Featured image of post Avoid private information leaks in your Docker images metadata

Avoid private information leaks in your Docker images metadata

Learn to remove metadata from your public Docker images

Please note that in this article we will not cover the deployment nor instructions on the usage of any version control system or container repository software, but are directly implying the use of both components.

If you are one of those who run their own servers at home or just away from being exposed to the Internet, but still get some of the work done there made public, you are probably interested in this article.

Recently I started publishing some of the Docker image builds I run on my own, for whoever might find the changes I introduce in others base images useful. Here is an example.

The issue

However, all the previous work before the image is pushed to public registries is run in my homelab. And for that reason I am especially interested in keeping all the details related to that part of my infrastructure private, as it is supposed to be.

This said, if you happen to run your own container registry but also want to make your images available (by uploading them to public container registries such as Docker Hub or GitHub Container Registry) there are a couple of things to be aware of.

In particular, I’m talking about these annotations: org.opencontainers.image.source and org.opencontainers.image.url (more details can be found here). When left intact, if you push a Docker image to a registry they will contain direct references to the Git repository where the image is being built from.

This is normally not a problem when the code is also hosted in public repositories, but this is not our case. Say our private Git server resolves to https://git.home.lab. Then we can check how it looks by inspecting the image, like this:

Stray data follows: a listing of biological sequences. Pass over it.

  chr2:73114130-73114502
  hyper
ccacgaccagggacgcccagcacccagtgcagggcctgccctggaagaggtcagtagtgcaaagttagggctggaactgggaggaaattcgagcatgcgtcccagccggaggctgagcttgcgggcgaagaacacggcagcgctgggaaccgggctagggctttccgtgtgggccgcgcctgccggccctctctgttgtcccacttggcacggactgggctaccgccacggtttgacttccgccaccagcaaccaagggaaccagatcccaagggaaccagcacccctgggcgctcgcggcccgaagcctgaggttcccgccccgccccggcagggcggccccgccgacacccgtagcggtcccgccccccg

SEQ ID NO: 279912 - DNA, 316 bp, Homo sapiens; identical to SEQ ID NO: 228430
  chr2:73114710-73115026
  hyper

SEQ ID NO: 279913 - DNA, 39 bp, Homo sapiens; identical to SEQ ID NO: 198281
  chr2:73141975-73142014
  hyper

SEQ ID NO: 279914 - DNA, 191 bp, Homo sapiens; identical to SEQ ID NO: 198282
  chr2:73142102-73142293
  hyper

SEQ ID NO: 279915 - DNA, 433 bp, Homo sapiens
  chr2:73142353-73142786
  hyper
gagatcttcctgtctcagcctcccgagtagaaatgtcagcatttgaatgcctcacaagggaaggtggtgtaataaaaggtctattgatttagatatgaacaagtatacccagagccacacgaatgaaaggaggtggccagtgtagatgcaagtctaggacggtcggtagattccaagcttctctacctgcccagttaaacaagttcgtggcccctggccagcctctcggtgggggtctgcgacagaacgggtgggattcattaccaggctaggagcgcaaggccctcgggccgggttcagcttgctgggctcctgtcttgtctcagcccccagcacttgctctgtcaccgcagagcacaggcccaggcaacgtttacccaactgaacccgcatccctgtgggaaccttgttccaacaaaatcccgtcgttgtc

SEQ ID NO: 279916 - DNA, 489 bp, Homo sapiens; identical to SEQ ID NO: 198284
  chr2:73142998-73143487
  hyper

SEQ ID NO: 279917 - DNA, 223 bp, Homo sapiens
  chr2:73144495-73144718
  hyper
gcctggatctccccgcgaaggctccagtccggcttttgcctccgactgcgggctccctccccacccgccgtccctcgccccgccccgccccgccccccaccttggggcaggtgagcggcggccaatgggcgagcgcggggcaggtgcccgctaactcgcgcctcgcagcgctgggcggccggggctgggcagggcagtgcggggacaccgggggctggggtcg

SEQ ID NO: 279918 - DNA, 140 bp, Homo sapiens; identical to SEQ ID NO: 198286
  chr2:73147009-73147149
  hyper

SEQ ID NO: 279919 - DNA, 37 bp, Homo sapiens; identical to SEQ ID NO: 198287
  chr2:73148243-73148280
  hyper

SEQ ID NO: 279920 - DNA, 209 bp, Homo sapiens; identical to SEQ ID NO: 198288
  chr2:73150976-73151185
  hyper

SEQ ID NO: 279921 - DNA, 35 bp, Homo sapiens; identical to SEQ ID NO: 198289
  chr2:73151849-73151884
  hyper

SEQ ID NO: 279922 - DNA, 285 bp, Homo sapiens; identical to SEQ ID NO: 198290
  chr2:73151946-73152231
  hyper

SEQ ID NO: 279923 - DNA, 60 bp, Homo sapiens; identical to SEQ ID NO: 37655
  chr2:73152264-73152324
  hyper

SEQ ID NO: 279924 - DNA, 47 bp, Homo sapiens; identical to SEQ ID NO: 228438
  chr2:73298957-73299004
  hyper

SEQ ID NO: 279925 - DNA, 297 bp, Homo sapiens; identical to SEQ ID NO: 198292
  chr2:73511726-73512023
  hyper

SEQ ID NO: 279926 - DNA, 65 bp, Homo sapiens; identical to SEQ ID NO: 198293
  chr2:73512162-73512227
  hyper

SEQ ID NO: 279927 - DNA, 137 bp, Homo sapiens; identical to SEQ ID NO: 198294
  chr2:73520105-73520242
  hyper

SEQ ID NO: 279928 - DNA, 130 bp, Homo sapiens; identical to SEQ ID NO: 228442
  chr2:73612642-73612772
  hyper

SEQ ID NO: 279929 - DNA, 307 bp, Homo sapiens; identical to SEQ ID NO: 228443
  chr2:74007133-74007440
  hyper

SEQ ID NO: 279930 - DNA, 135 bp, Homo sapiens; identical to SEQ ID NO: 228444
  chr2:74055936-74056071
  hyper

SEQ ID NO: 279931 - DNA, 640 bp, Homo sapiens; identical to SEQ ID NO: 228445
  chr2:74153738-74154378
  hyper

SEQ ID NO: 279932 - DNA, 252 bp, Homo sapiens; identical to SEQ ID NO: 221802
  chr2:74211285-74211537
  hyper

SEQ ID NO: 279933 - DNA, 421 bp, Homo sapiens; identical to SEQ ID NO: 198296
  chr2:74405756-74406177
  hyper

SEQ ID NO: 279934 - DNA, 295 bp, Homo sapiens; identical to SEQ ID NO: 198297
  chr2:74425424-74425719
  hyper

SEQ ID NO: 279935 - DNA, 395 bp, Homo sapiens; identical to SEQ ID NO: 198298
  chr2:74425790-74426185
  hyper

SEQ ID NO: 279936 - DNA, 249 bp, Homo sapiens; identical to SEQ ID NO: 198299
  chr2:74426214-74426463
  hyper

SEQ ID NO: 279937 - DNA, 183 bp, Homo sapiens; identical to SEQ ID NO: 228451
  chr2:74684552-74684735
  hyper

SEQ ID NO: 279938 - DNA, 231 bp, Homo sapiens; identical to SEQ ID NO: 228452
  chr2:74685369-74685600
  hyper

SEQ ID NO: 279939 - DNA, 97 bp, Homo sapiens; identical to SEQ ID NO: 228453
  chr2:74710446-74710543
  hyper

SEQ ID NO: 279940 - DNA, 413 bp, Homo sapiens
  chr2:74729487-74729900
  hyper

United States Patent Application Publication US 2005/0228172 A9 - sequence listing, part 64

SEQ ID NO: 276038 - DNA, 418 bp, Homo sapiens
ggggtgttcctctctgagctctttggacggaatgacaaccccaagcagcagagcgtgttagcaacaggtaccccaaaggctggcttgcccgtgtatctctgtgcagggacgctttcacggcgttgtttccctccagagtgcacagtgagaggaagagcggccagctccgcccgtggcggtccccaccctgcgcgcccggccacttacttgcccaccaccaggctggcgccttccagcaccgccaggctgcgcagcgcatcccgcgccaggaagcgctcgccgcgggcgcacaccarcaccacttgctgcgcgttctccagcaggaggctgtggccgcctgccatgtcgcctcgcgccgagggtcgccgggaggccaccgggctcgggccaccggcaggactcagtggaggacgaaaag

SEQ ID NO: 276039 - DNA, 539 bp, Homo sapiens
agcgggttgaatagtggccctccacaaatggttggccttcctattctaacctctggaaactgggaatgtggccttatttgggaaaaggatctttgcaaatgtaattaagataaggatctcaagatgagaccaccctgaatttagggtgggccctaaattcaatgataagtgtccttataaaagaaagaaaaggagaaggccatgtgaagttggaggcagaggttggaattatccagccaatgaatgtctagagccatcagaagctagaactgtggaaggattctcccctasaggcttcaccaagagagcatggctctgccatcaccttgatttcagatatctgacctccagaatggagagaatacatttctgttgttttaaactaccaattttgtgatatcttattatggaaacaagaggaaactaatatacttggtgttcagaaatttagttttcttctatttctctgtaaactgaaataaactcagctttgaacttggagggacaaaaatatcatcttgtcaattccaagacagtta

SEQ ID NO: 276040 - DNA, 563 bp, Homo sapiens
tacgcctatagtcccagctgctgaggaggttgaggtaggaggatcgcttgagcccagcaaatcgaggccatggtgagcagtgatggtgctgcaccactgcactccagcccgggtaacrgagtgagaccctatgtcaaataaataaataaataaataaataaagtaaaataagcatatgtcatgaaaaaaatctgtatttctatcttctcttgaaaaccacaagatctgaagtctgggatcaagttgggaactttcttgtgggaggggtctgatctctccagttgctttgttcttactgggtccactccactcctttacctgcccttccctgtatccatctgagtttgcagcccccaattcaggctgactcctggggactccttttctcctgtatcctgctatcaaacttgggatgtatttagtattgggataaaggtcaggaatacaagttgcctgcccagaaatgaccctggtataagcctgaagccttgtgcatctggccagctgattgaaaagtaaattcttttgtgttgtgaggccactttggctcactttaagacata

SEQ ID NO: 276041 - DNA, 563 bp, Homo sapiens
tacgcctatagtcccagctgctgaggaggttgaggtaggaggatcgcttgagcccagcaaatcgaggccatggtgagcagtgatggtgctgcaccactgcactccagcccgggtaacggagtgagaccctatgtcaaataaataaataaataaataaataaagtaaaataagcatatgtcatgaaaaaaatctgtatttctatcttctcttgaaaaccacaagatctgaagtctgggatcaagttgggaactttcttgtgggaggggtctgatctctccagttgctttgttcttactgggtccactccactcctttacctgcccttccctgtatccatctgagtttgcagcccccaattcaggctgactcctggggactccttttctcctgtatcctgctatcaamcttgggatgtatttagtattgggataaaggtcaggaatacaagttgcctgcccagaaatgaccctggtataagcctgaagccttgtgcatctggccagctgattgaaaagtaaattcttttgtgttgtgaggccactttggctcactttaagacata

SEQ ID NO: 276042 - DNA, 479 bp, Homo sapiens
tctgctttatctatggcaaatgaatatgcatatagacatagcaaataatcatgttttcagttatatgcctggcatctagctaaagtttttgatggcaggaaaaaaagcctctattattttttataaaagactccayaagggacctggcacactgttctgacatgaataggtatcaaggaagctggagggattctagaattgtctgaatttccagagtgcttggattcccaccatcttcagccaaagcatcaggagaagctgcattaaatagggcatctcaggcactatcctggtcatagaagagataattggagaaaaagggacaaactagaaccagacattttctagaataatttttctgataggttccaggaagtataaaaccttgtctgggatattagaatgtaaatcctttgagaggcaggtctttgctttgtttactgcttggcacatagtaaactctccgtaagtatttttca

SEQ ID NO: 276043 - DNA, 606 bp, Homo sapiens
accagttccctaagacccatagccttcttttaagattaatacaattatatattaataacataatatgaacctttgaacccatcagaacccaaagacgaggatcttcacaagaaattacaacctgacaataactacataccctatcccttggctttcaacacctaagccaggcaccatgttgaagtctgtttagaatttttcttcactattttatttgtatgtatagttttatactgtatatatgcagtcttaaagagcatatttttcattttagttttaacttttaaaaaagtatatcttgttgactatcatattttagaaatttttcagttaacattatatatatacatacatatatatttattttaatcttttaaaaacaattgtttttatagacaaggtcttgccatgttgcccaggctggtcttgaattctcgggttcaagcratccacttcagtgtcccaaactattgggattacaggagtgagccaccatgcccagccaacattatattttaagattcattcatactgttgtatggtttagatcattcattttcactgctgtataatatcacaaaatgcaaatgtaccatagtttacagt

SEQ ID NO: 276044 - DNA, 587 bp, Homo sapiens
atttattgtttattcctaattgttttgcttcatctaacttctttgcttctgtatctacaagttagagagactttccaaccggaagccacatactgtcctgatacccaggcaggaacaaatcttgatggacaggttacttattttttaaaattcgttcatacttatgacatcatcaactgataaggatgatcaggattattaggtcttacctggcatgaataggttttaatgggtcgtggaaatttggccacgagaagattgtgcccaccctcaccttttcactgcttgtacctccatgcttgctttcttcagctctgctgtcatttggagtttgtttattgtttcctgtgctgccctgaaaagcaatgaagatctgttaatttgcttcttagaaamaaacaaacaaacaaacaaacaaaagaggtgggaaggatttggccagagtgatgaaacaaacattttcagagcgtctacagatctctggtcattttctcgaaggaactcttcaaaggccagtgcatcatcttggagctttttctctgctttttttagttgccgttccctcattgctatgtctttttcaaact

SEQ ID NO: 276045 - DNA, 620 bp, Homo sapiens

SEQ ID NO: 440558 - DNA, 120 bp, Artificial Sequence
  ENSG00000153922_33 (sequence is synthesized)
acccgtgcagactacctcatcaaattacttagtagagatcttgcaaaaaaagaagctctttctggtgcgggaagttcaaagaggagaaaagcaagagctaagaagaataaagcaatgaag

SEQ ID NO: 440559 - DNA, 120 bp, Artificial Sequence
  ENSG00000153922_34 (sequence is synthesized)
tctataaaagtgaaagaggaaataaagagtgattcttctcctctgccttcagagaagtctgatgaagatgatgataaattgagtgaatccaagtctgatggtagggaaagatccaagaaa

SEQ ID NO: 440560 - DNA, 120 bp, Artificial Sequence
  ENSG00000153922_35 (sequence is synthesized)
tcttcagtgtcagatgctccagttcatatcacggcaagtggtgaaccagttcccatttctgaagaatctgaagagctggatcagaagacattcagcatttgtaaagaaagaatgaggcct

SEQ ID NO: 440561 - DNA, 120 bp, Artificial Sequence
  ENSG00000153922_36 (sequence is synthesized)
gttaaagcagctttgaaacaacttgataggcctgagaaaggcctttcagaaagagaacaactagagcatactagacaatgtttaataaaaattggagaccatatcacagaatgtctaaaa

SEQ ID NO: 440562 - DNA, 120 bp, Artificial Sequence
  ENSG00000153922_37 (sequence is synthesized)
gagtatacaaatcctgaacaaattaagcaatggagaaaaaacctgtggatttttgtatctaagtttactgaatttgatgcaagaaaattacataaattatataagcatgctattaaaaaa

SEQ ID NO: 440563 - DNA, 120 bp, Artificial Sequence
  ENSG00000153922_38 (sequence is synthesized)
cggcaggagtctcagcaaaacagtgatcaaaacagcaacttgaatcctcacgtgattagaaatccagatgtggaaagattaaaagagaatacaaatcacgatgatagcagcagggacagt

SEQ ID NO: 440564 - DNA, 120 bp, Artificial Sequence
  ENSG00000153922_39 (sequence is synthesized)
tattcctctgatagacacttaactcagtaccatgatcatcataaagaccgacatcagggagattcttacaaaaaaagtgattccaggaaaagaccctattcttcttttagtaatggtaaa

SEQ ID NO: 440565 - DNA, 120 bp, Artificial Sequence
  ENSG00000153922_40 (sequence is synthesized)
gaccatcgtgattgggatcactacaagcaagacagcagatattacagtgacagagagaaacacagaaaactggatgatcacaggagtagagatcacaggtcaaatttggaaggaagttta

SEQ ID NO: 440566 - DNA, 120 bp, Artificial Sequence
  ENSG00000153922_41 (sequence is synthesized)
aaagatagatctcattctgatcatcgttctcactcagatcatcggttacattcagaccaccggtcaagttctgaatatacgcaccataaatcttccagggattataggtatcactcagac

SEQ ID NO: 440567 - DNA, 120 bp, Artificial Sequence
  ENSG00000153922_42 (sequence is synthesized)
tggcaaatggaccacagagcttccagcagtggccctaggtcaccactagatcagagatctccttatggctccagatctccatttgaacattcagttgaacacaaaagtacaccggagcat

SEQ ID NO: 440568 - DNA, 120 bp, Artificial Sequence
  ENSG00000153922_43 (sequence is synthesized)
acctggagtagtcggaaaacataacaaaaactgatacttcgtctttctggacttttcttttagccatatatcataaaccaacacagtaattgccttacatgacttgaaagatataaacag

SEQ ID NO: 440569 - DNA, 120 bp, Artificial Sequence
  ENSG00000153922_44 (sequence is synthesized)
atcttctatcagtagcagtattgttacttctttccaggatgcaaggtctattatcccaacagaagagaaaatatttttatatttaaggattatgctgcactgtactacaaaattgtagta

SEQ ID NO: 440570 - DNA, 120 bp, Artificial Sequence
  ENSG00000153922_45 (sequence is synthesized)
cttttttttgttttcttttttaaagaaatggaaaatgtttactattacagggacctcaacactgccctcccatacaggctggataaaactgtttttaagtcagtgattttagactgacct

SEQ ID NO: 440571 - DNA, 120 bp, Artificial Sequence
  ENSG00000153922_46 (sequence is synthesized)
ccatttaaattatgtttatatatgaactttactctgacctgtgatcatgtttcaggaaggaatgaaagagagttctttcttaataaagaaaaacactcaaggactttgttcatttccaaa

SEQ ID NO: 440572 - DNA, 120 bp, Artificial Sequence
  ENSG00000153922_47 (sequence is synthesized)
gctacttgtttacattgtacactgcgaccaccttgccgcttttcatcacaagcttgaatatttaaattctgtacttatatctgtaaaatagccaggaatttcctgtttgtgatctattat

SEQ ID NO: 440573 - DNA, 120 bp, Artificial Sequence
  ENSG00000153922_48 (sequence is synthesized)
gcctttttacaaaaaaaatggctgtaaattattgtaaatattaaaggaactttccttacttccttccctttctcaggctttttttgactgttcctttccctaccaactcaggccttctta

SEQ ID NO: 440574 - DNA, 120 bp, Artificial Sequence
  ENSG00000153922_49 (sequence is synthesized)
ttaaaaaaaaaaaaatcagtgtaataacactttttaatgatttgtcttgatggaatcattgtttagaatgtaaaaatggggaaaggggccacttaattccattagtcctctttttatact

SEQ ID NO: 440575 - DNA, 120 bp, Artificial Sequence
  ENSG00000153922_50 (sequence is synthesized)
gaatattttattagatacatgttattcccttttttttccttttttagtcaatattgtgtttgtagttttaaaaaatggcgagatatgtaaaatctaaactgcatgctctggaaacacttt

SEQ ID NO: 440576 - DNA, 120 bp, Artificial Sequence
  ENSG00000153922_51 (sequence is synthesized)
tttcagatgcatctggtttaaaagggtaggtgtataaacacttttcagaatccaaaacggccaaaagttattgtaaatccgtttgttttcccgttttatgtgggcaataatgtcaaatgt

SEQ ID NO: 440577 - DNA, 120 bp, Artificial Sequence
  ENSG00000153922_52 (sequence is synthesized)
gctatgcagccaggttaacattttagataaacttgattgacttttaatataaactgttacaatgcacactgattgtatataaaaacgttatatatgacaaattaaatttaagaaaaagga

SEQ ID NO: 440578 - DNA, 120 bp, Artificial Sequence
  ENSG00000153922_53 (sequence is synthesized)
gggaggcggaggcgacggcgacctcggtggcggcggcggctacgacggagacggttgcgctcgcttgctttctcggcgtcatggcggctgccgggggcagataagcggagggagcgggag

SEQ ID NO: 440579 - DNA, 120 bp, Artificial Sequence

$ docker pull ghcr.io/mtnezm/nextcloud:latest
$ docker inspect ghcr.io/mtnezm/nextcloud:latest  |jq '.[] | .ContainerConfig | .Labels'
  "maintainer": "Miguel Martínez <[email protected]>",
  "org.opencontainers.image.created": "2023-01-29T12:57:51Z",
  "org.opencontainers.image.description": "Custom Docker Nextcloud image build",
  "org.opencontainers.image.revision": "dab535e710a65affbb517aecaa9fc02fe21df1f6",
  "org.opencontainers.image.source": "https://git.home.lab/mtnezm/nextcloud.git",
  "org.opencontainers.image.url": "https://git.home.lab/mtnezm/nextcloud.git"

There it is, a link to our private Git repository included in a worldwide accessible Docker image. Something that does not make sense at all.

Fixing it

As we said, there is no real value in keeping a URL to a private Git server exposed there, so one thing we can do here is setting a custom value for those labels in our image. In this case, as I am using Drone CI to build them, it can be done by adding these lines to the corresponding step in the pipeline:

- name: "Deploy"
  image: plugins/docker
    - org.opencontainers.image.source=REDACTED FOR PRIVACY
    - org.opencontainers.image.url=REDACTED FOR PRIVACY

If you are working directly with the Dockerfile, you can achieve it by adding these lines:

LABEL org.opencontainers.image.source=REDACTED FOR PRIVACY
LABEL org.opencontainers.image.url=REDACTED FOR PRIVACY

After applying that change, if we build, publish, pull and inspect the image again, we can verify how it looks now:

  "maintainer": "Miguel Martínez <[email protected]>",
  "org.opencontainers.image.created": "2023-01-29T13:22:49Z",
  "org.opencontainers.image.description": "Custom Docker Nextcloud image build",
  "org.opencontainers.image.revision": "30f0f6cff0f9a63af0cd990301d1f301b425df85",
  "org.opencontainers.image.source": "REDACTED FOR PRIVACY",
  "org.opencontainers.image.url": "REDACTED FOR PRIVACY"


This way we can keep references to the work that runs in our homelab out of the public eye. But then again you might wonder “how do we know what is the work behind that image in particular, and if we can trust you?” which is perfectly reasonable.

In this case, as we are talking about Docker images there is the Dockerfile for you to go and verify it line by line, but let me answer to that one with a different approach in a future post here at Vectops.


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